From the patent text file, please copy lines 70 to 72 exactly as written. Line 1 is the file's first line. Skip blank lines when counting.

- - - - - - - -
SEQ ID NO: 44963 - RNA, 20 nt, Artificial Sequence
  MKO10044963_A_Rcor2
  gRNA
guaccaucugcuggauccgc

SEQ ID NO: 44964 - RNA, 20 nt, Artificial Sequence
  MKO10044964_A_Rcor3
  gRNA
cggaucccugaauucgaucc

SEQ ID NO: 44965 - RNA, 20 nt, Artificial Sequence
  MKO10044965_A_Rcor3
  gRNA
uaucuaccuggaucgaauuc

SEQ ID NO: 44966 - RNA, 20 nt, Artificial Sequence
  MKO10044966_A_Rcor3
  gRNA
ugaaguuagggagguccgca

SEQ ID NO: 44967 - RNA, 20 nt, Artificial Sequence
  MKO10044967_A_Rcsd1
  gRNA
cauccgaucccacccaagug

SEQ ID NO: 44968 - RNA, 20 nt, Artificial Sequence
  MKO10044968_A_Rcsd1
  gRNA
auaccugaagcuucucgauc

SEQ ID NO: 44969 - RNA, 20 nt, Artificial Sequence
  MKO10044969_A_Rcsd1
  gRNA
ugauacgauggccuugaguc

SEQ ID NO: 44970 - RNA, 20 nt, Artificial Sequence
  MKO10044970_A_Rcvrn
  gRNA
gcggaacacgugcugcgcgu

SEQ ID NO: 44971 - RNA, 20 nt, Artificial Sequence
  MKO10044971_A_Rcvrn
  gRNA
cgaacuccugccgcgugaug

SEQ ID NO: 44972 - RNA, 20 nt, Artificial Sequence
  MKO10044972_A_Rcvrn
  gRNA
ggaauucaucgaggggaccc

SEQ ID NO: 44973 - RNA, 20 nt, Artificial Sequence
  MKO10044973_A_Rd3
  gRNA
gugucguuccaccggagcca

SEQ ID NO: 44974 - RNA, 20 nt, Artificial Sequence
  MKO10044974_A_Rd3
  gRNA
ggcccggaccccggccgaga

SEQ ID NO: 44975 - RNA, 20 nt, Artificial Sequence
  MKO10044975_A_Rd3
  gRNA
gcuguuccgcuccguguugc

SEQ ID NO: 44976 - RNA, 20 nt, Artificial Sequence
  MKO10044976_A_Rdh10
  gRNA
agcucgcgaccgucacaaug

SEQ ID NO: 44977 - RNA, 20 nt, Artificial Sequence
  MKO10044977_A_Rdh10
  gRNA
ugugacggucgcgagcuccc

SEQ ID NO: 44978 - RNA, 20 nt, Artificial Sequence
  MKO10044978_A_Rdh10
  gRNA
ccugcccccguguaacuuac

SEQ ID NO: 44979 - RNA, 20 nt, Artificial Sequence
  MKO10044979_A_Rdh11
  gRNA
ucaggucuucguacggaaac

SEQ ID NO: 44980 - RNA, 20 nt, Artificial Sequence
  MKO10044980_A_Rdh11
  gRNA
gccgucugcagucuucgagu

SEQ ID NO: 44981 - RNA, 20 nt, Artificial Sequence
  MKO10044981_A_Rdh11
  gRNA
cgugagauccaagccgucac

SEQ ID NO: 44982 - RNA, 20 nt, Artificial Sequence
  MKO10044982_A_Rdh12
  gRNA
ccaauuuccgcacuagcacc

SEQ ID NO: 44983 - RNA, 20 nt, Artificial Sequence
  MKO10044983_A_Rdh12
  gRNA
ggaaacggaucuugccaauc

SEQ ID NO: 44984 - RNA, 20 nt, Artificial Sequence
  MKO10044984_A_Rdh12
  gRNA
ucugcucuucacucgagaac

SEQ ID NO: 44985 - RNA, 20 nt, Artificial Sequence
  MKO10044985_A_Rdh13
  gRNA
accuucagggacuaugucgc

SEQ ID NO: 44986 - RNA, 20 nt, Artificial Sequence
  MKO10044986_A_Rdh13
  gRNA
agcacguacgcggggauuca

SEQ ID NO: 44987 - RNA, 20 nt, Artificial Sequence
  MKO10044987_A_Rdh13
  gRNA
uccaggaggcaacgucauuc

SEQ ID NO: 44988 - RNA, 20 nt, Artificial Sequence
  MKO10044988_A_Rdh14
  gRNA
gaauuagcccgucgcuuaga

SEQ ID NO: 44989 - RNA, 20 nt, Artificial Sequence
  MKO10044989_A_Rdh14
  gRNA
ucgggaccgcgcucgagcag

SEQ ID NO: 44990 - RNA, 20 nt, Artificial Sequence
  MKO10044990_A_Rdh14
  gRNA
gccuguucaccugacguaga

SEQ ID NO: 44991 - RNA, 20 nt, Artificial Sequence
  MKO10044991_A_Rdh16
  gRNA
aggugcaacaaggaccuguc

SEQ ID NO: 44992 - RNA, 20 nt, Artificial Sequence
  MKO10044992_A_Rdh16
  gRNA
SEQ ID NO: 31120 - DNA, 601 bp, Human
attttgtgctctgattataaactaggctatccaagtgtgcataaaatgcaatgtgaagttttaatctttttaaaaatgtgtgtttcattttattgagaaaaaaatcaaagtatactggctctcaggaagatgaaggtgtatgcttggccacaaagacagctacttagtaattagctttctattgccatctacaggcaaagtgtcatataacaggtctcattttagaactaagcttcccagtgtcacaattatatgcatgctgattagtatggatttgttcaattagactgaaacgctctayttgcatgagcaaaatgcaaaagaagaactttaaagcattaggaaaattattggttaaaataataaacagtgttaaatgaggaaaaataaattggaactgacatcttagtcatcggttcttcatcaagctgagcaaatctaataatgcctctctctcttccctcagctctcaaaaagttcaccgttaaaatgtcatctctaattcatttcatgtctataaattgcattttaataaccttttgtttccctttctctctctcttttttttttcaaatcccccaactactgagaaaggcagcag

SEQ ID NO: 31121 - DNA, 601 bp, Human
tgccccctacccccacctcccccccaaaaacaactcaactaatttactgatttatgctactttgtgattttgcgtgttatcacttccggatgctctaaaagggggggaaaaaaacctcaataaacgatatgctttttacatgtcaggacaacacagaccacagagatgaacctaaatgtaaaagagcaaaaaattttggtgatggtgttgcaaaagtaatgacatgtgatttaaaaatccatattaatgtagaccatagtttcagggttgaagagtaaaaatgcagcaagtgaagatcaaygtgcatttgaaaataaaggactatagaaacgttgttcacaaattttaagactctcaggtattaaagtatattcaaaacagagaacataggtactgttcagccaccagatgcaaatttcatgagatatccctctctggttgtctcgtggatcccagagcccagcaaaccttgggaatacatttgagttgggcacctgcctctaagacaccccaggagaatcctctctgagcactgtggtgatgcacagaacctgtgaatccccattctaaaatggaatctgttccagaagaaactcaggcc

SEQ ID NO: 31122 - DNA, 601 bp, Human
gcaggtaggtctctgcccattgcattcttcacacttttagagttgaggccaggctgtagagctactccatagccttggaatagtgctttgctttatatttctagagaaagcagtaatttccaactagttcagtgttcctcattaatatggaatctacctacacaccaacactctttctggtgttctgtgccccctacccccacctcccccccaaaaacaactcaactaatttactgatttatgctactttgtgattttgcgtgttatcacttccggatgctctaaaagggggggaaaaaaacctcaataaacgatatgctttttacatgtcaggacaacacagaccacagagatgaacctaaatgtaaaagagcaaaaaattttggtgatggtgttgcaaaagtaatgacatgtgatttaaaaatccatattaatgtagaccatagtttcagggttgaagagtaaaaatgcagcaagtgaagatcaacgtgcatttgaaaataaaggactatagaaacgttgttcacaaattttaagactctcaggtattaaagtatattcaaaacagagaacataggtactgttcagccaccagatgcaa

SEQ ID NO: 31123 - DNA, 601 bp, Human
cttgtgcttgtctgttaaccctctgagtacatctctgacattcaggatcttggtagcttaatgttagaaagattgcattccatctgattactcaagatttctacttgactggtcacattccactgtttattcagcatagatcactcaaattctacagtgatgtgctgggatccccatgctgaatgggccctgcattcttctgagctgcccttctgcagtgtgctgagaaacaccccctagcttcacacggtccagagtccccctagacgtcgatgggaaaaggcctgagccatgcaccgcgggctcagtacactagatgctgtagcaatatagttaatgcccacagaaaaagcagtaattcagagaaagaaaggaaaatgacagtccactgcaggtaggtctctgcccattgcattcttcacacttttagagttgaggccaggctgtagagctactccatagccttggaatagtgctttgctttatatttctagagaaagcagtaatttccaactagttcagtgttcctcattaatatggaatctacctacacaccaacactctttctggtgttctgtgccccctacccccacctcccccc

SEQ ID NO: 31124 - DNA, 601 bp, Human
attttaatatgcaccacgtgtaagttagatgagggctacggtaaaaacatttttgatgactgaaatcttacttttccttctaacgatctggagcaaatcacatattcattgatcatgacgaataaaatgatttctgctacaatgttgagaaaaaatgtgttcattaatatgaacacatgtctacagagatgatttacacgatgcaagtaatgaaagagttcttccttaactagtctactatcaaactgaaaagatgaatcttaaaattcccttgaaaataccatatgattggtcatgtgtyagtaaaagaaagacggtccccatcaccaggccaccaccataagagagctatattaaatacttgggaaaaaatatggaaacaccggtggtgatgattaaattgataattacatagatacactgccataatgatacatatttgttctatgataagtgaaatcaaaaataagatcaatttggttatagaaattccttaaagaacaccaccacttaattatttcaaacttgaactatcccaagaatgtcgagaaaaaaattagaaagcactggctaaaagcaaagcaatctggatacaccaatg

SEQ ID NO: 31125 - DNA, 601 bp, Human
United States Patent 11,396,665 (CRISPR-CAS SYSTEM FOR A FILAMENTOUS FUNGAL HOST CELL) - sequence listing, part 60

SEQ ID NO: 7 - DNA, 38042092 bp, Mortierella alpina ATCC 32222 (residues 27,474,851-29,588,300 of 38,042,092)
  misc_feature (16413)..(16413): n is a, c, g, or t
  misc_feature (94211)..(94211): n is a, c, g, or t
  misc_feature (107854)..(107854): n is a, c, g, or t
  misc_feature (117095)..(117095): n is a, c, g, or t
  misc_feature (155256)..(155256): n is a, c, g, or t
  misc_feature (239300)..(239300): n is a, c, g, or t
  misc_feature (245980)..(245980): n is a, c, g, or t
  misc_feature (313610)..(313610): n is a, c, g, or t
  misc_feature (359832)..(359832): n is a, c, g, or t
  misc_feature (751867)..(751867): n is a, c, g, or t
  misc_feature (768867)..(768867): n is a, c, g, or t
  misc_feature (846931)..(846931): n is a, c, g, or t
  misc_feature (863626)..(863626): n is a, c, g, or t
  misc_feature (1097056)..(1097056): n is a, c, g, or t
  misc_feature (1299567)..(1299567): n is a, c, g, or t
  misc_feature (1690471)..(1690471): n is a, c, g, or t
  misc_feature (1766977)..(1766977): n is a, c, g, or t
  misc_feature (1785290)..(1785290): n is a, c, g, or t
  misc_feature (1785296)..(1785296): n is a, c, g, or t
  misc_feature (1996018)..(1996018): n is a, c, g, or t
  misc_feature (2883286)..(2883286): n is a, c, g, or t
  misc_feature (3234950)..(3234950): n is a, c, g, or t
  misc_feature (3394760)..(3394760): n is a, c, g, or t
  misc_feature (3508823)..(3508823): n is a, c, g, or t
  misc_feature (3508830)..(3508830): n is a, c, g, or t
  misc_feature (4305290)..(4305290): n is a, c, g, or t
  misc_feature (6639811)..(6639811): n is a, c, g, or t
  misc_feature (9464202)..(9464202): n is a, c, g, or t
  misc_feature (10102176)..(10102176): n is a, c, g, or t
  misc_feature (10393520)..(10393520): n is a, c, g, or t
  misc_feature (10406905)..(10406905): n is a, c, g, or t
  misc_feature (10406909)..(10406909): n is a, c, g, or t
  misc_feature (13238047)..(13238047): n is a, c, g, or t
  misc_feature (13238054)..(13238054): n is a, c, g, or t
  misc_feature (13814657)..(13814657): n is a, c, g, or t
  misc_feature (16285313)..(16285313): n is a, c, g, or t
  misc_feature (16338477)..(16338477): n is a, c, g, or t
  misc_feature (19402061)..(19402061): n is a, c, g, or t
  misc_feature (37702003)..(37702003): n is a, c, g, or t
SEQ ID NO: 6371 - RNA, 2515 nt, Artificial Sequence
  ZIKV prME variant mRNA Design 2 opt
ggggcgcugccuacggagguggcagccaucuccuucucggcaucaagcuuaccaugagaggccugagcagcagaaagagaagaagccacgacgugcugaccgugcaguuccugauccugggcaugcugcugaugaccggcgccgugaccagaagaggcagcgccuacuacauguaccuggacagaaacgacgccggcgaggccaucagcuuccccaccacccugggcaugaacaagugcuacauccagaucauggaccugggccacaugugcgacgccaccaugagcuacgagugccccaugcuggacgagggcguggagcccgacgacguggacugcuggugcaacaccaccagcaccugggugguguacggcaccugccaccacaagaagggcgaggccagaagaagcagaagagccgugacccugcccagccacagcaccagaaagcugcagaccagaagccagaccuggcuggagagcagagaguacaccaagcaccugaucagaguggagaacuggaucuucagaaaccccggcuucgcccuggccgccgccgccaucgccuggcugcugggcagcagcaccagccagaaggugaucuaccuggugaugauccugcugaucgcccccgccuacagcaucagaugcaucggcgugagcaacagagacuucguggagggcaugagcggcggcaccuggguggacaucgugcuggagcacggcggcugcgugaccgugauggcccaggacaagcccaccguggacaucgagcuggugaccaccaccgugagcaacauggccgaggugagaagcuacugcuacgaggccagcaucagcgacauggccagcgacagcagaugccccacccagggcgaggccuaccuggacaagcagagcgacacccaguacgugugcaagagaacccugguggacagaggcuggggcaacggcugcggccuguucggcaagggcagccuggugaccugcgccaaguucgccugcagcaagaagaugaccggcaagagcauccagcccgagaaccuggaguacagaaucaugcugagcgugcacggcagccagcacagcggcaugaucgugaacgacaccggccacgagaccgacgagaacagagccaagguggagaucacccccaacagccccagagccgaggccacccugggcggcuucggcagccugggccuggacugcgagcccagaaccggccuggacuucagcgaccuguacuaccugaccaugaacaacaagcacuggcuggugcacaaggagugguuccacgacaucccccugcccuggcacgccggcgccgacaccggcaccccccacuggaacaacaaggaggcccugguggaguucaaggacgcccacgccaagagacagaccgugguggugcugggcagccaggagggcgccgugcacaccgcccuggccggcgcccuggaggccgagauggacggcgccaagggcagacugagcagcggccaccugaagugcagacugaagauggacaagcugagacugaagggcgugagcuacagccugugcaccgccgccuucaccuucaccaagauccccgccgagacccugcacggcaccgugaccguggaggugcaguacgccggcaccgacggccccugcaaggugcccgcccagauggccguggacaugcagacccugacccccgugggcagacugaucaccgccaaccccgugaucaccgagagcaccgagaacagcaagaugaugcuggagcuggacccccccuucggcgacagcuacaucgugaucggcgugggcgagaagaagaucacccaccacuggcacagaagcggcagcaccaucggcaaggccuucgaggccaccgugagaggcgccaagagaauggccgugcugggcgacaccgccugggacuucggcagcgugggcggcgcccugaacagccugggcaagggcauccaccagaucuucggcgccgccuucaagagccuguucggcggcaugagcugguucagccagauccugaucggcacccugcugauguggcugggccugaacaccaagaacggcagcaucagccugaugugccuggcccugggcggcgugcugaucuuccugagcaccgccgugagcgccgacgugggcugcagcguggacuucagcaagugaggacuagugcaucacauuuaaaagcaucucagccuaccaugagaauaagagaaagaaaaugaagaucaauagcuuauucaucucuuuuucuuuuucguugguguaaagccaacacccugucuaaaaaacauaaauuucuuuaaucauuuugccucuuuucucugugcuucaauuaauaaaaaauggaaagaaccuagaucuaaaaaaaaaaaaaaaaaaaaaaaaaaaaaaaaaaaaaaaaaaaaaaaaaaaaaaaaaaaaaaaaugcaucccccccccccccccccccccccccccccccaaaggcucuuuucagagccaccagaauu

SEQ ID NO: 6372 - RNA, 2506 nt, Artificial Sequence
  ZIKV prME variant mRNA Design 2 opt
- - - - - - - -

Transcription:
  MKO10044980_A_Rdh11
  gRNA
gccgucugcagucuucgagu